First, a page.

GRANITE PEAK PUBLICATIONS: Accompanying travelers to the national park since 2002

Updated for 2018, part 2

Sylvan Lake Summer 2014

Sylvan Lake with man fishing at left

Here’s another subject we looked closely at when updating the guidebook for 2018: boating. The National Park Service is now strictly enforcing the rules meant to keep aquatic invasive species out of Yellowstone waters. In the second printing of Yellowstone Treasures, Updated Fifth Edition, we’ve added discussion of the Watercraft Inspection Stations, where both motorized and nonmotorized boats are checked before they are allowed into Lewis and Yellowstone Lakes. According to the NPS article “Protecting the Greater Yellowstone Ecosystem from aquatic invasive species,” here are some of the species of most concern: zebra and quagga mussels, Asian clams, Asian carp species, Eurasian watermilfoil, hydrilla, flowering rush, whirling disease, and viral hemorrhagic septicemia. So the invaders can be animals, plants, or microbes. Invasive shellfish are particularly bad, because they can block pipes, eat up the phytoplankton, and cover docks and beaches.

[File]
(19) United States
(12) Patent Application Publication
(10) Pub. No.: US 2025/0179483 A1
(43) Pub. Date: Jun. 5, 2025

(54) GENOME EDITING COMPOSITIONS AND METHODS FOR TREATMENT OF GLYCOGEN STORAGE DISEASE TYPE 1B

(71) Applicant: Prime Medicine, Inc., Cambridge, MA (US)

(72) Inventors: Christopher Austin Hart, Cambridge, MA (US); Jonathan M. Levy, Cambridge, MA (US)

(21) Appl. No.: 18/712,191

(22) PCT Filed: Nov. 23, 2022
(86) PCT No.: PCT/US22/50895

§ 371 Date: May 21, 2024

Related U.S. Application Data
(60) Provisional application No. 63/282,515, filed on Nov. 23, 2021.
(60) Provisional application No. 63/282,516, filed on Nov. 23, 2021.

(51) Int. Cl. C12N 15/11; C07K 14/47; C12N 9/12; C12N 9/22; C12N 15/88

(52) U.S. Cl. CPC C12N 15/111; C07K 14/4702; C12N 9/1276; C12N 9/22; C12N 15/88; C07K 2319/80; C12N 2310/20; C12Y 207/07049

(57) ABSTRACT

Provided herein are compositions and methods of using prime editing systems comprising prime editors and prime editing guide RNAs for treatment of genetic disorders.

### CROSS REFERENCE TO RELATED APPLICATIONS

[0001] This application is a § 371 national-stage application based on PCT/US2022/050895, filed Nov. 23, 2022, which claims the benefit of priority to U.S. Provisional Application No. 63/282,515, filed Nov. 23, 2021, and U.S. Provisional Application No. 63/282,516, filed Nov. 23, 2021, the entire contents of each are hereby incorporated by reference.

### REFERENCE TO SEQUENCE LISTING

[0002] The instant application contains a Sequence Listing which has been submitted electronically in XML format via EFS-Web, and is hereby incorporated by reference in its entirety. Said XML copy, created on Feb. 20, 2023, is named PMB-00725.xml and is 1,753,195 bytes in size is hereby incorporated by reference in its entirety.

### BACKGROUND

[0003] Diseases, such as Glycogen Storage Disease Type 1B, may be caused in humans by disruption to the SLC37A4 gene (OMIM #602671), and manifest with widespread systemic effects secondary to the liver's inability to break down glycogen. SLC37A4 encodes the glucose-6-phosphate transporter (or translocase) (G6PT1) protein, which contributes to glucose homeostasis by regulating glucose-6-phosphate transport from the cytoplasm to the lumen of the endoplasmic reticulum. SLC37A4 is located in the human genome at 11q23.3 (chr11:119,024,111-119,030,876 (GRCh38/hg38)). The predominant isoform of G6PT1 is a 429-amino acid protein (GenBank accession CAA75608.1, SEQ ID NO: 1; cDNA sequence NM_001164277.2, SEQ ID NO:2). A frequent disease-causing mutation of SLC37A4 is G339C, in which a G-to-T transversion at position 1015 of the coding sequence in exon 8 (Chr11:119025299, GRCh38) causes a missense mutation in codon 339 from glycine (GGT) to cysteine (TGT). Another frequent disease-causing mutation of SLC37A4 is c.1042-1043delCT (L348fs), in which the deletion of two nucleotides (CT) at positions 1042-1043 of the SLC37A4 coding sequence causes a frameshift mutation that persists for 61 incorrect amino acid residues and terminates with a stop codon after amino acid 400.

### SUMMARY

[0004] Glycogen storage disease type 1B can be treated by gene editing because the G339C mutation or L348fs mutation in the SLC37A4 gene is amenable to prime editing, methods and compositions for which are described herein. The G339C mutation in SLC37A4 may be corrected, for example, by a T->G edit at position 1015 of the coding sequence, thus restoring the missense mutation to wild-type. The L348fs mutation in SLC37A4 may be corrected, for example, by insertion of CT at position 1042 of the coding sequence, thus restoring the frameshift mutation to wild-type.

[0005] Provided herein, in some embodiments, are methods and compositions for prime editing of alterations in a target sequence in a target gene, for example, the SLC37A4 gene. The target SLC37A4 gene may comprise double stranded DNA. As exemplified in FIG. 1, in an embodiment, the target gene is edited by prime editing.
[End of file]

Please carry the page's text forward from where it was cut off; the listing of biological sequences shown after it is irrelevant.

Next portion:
It is really effective for boat owners to just take three steps: drain, clean, and dry your equipment. See “Clean, Drain, and Dry” for an introduction to the rules and the Boating page on the official Yellowstone National Park website to find out where to get your boat inspected and get your permit. Seven-day permits are $10 for motorized, $5 for nonmotorized boats like angler float tubes, canoes, and kayaks.

Stay informed with Yellowstone Treasures, both the book and this website.

Photo credit: Suzanne Cane, Summer 2014

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